FIGURE 10 illustrates a rocker 49 and rocker mounting (housing) assembly 35 capable of mounting a pair of tube type instruments 67" simultaneously. The rocker 40" is modified so that it has a pair of longitudinal grooves 44", each of which accommodates an instrument 67". The means for fixing the left hand tube 67 in a definite longitudinal position and for controlling the attitude of rocker 40 are identical with the corresponding means shown in FIGURE 8 except for the omission of sliding pin 68 and set screw 71, and the right hand side of FIGURE 10 is a mirror image of the left hand side except that screw 57" has no surface bearing against a surface of socket 36". Thus screw 57 both serves as a pivot and secures right hand instrument 67" in position, While screw 61" serves both of these functions on the left and, in addition, controls the attitude of rocker 40". Screw 57" is adjusted by a spoke 72", thus avoiding interference with arm 23 and stud 25 of the speculum. It should be noted that the inner sidewall of each groove 44 is slightly dished out near the bottom of the groove, as at 73, to accommodate the instruments 67".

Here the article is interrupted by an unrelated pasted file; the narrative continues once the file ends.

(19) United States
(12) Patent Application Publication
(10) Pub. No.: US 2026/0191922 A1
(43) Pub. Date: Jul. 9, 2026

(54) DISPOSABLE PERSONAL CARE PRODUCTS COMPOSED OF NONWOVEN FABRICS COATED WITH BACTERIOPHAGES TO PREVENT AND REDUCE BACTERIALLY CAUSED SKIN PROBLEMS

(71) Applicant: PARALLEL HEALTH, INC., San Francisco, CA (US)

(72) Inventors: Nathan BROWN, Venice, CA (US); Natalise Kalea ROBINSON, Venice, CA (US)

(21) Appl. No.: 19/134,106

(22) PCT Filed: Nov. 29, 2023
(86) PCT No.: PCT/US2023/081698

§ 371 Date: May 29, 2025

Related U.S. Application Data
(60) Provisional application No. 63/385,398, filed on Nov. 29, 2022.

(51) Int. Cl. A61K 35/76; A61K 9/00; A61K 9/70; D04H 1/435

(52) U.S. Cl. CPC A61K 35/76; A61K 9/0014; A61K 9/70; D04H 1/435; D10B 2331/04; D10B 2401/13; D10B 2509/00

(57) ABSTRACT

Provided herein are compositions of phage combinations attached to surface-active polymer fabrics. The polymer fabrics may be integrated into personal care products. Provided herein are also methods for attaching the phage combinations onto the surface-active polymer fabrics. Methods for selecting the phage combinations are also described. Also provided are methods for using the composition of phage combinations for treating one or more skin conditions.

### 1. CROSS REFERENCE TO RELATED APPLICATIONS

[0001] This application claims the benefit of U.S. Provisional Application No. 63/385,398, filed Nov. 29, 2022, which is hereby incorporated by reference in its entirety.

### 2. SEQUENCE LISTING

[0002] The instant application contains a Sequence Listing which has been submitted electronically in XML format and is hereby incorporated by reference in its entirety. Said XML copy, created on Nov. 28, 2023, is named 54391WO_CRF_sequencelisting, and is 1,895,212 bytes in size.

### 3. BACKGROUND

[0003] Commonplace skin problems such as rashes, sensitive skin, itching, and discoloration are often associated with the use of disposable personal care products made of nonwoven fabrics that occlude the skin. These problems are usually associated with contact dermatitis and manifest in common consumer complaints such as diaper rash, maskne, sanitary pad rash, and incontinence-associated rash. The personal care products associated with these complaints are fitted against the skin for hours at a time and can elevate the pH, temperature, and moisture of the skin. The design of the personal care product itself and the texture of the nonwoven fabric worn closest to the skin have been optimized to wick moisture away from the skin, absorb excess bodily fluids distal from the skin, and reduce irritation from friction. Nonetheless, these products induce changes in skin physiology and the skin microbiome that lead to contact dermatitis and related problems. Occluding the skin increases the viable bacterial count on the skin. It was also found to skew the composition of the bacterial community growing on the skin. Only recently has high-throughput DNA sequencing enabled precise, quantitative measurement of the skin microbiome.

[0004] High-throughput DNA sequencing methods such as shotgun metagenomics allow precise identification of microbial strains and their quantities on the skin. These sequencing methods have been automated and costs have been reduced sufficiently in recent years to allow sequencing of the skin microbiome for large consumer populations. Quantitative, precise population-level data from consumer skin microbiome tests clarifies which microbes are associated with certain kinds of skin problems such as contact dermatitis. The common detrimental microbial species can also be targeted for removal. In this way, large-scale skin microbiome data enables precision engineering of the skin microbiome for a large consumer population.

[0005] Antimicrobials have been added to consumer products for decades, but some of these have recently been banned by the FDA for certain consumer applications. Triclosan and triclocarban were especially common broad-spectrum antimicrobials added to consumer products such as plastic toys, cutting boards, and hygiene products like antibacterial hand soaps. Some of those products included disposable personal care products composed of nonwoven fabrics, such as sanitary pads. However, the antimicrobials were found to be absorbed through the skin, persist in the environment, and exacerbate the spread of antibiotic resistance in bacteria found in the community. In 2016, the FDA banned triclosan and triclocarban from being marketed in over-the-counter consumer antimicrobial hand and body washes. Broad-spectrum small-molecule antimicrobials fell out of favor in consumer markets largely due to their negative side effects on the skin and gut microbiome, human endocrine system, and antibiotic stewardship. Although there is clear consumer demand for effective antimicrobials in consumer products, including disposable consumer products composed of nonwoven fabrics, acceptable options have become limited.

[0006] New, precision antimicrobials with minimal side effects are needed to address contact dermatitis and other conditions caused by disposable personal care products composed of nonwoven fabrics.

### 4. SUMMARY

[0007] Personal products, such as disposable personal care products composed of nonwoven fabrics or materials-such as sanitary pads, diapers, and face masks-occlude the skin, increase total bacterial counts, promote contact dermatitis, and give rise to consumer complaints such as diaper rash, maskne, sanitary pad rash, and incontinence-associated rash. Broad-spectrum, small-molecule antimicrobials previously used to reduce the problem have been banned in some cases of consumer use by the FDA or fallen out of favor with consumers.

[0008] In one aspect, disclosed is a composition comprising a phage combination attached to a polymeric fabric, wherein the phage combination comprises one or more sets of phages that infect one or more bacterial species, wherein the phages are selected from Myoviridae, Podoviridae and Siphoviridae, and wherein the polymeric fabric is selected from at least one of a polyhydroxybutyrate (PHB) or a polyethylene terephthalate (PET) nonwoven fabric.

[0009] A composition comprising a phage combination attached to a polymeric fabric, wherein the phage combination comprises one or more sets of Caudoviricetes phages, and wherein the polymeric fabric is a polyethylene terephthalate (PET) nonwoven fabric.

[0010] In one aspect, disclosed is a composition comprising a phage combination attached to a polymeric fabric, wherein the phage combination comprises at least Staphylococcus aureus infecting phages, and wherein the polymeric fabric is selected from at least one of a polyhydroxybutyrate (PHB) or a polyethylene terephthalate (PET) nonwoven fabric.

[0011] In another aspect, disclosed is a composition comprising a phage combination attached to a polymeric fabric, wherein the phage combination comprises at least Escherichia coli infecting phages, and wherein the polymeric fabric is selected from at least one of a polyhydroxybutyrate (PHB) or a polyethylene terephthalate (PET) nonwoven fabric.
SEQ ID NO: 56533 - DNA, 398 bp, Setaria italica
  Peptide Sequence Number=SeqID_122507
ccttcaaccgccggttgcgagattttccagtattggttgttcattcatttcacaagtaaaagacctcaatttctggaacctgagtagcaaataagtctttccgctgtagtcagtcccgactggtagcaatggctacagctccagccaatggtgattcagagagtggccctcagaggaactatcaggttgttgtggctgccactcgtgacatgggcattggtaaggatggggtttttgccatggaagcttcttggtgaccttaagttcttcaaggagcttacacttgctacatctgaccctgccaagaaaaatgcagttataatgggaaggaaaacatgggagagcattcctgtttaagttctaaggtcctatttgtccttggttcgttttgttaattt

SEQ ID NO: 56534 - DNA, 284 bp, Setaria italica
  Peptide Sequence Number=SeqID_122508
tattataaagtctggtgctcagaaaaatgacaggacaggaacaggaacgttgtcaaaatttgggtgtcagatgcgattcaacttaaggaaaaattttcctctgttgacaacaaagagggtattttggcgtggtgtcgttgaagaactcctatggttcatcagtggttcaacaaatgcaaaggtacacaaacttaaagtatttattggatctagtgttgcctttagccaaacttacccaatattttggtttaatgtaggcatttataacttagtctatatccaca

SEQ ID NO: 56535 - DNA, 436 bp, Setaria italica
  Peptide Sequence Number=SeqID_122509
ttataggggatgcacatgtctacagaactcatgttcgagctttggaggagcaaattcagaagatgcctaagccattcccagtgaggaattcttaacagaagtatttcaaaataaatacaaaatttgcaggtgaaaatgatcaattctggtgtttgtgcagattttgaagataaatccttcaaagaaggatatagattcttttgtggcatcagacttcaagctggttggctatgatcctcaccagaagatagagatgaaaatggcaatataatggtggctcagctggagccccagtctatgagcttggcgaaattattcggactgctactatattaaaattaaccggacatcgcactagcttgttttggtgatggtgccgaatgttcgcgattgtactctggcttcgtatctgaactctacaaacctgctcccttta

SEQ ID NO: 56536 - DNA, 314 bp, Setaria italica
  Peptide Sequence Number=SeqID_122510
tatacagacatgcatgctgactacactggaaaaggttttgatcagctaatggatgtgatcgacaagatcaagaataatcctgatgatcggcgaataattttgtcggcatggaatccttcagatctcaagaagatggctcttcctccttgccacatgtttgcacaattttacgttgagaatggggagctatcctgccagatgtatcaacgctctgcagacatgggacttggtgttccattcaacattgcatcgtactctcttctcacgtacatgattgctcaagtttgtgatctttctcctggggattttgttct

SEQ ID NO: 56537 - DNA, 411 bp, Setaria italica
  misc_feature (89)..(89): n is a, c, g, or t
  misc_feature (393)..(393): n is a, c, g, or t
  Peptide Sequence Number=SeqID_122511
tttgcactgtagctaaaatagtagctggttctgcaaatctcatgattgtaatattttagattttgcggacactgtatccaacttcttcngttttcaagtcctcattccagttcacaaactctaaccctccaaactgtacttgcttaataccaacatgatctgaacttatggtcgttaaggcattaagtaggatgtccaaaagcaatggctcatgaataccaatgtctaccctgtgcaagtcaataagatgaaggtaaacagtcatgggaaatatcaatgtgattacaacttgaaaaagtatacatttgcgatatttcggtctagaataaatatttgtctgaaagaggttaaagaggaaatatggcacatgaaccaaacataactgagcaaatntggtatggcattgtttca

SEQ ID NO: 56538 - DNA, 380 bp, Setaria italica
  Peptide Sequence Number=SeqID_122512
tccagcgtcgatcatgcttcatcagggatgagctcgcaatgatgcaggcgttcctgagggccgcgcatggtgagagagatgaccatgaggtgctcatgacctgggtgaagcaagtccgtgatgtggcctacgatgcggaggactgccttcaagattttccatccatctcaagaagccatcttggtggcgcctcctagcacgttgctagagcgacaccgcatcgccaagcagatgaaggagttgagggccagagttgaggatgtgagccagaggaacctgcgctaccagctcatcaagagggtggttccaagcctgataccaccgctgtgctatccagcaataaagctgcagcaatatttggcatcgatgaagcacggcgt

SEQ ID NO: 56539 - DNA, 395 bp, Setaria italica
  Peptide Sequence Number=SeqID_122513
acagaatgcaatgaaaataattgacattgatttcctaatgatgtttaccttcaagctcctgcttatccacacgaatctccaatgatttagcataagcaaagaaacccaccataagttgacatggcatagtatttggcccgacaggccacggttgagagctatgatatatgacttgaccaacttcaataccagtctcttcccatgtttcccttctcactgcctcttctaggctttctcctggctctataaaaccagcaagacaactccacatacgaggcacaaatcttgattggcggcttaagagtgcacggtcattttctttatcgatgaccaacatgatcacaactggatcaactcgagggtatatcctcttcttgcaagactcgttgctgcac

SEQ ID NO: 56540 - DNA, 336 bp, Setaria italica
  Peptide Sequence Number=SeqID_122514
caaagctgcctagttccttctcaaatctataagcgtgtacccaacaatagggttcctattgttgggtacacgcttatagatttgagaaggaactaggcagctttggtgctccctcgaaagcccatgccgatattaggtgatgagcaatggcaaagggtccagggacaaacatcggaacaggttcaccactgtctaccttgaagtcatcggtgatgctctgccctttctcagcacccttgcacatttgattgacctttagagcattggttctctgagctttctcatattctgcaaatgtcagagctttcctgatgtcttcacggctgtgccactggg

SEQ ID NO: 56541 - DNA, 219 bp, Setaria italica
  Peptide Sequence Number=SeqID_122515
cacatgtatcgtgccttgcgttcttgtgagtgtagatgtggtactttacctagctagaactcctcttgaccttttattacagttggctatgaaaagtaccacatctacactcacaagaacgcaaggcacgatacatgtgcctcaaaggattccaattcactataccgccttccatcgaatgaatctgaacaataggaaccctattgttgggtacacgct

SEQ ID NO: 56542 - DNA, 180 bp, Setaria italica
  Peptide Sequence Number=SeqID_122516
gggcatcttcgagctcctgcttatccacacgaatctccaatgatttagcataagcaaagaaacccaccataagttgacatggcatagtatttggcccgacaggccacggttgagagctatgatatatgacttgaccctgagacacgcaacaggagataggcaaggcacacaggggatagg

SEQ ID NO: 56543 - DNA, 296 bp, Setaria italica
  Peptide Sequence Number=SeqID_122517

What is claimed is:
1. In a speculum of the type having a pair of blades elongated along a longitudinal axis and a pair of legs secured to and depending from the rearward ends of said blades in one-to-one relationship, said legs being adjustably secured together to define a space between said blades for the insertion of various elongated instruments used in genito-uterine investigations and procedures, said instruments being inserted between said blades generally parallel to their longitudinal axis, said instruments including a tenaculum, surgical needles and cannulae, the improvement comprising a positioning device for securing at least one of said instruments to said speculum, said device comprising: